After digesting that truth and writing a bit on it. I walked back to the couch, curled up beside the man I love, with the fireplace burning, and said I love you, I’m sorry. He thanked me for sharing and held me as we snuggled in and watched tv.
I knew then something shifted for us because he chose to give me honest feedback (which I have been begging for, by the way) and I chose to stay when he offered it (even when it wasn’t wrapped just the way I wanted to receive it).
I was reminded how beautiful and hard it is to stay and how many times I escaped by numbing, eating too much, not eating at all or running too long or creating a big dramatic lie about what was going on and how horrible the other person is.
I’m glad I have the tools now and relationship with God to stay because I grew so much from that. I learned that I don’t die on the other side of staying, I don’t melt away into a shame-filled ball of nothing, I don’t get smooshed by the other person and become their “less-than.” I actually become stronger and more able and more filled with love.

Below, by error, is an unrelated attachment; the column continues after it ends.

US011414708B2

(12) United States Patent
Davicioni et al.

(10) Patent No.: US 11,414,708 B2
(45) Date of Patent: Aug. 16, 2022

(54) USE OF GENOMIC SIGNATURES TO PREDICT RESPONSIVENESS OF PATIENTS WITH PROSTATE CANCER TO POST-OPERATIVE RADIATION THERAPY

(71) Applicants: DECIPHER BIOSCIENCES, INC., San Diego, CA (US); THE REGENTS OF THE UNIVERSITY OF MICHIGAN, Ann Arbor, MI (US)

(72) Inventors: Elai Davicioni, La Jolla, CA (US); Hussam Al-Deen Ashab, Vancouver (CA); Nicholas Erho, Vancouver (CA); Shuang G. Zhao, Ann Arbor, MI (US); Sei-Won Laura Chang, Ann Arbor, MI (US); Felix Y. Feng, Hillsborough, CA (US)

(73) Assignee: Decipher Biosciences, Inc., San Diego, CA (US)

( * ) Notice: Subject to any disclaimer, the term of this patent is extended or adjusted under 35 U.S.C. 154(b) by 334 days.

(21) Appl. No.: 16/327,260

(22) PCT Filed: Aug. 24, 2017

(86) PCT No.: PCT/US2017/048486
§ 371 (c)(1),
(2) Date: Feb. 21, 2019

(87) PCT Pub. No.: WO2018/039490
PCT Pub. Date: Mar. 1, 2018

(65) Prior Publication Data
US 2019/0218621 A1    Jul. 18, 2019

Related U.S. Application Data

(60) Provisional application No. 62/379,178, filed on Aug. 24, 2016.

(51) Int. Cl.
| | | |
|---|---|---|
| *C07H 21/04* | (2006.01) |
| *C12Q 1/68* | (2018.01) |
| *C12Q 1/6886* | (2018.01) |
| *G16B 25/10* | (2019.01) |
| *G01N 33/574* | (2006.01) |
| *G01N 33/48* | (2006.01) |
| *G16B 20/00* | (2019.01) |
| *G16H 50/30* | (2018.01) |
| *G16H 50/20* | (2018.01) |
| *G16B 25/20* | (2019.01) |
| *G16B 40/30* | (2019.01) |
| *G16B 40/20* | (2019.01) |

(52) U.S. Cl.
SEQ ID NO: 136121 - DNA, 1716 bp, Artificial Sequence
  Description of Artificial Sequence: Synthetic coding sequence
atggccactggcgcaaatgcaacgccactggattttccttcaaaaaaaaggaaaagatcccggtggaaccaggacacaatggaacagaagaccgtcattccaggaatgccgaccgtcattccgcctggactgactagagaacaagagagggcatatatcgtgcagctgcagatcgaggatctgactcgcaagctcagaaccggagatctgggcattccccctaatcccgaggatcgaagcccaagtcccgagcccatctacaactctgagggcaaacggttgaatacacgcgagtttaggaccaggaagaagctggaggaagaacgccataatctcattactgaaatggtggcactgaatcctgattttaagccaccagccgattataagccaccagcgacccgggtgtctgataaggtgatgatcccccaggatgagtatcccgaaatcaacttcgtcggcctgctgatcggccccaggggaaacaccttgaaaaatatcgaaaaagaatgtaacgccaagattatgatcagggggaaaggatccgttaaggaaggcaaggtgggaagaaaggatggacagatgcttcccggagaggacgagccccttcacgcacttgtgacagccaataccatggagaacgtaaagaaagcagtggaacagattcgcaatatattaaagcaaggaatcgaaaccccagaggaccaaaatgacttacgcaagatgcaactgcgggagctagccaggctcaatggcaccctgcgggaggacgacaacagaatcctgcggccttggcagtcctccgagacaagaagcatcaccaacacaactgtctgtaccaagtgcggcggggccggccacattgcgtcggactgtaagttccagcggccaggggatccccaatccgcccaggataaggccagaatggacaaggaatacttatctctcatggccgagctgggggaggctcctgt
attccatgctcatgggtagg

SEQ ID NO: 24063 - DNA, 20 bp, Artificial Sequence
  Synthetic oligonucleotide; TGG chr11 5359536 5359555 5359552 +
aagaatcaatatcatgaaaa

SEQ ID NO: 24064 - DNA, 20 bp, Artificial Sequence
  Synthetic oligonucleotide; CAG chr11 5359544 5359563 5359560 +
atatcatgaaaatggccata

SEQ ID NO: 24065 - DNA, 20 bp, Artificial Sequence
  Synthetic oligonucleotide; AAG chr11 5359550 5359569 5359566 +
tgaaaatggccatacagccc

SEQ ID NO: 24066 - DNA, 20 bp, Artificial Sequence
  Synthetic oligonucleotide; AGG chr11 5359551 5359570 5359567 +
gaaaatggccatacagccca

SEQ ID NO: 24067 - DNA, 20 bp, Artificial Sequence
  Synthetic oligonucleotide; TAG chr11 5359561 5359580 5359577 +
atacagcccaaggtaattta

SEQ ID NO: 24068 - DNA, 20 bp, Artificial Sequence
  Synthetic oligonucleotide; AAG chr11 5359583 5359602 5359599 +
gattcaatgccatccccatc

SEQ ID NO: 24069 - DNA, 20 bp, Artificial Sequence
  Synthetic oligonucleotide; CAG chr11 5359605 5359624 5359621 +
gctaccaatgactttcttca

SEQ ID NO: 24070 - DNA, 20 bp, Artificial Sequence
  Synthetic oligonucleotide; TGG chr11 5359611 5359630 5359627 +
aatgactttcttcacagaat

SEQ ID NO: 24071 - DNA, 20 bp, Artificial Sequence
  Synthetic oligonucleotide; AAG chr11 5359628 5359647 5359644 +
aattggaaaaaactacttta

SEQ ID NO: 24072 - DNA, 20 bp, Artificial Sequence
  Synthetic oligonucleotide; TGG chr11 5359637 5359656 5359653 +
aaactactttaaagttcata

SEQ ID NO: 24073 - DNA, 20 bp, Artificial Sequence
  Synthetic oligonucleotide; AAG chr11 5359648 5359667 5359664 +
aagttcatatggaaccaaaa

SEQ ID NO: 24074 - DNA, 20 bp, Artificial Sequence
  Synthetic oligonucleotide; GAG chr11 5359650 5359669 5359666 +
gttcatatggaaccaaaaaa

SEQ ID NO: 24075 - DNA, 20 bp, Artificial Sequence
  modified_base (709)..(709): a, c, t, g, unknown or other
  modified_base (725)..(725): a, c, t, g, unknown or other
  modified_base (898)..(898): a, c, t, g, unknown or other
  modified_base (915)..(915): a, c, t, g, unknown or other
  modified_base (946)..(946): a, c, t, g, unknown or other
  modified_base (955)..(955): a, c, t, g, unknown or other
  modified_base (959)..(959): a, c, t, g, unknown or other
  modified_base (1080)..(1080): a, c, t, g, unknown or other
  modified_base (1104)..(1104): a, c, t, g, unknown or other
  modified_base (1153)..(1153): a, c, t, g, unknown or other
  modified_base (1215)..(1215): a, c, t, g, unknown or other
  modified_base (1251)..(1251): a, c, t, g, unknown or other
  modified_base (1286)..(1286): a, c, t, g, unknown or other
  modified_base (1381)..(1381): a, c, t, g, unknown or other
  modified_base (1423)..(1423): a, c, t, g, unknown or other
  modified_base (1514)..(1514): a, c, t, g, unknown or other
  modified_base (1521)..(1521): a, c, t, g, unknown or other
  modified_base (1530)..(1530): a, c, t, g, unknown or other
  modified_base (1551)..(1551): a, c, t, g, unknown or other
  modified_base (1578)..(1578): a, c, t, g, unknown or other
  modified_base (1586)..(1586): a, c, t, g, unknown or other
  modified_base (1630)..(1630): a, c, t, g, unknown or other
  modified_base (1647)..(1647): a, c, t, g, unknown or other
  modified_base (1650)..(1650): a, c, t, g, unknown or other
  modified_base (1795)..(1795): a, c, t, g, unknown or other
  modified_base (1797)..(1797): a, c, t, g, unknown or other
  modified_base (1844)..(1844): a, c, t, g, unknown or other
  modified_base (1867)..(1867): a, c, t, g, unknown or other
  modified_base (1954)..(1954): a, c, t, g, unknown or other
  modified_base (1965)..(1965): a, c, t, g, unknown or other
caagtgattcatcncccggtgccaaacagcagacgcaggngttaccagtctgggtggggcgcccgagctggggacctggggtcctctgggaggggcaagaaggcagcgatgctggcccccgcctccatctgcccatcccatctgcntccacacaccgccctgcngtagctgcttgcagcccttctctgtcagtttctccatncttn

And so, I stay.
And I hope I’ll be brave enough to do it again.
Here is the love note I wrote to myself the next day because I need to be reminded of the love.
What an awesome experience. You received feedback on your attitude and you stayed. He was honest and shared with you. He opened up with you. You weren’t awesome with the feedback. You took it and acted immature for awhile, but then, but then you realized that you were trying to run, you were trying to escape. You realized that the feeling of rejection and being a bad person was not true. You realized you were in the game and then you stayed. You were not perfect in apologizing, but you stayed and your tried. You thanked for the feedback and suggested ways to try to get better. You asked God into the situation. You wrote. AND THEN YOU WENT BACK. You told ego to hit the road and you went back and let him love you and loved him. You did not run, you did not eat, you did not lie in your head, you did not hurt him back because he hurt you. You learned that gratitude is a practice. and accepted that you could practice it a bit more. You learned that this is what he has been saying about how he wants to communicate and you are now practicing it. You learned that you do look at life negatively sometimes and it is pretty important to figure out how to be happy. Being happy whenever things are in your control is not really happiness. It’s not the game you’re in for. The game you’re in for the ring you were in yesterday and I am proud of you for staying and listening and learning.
Here’s to staying.
In health and healing,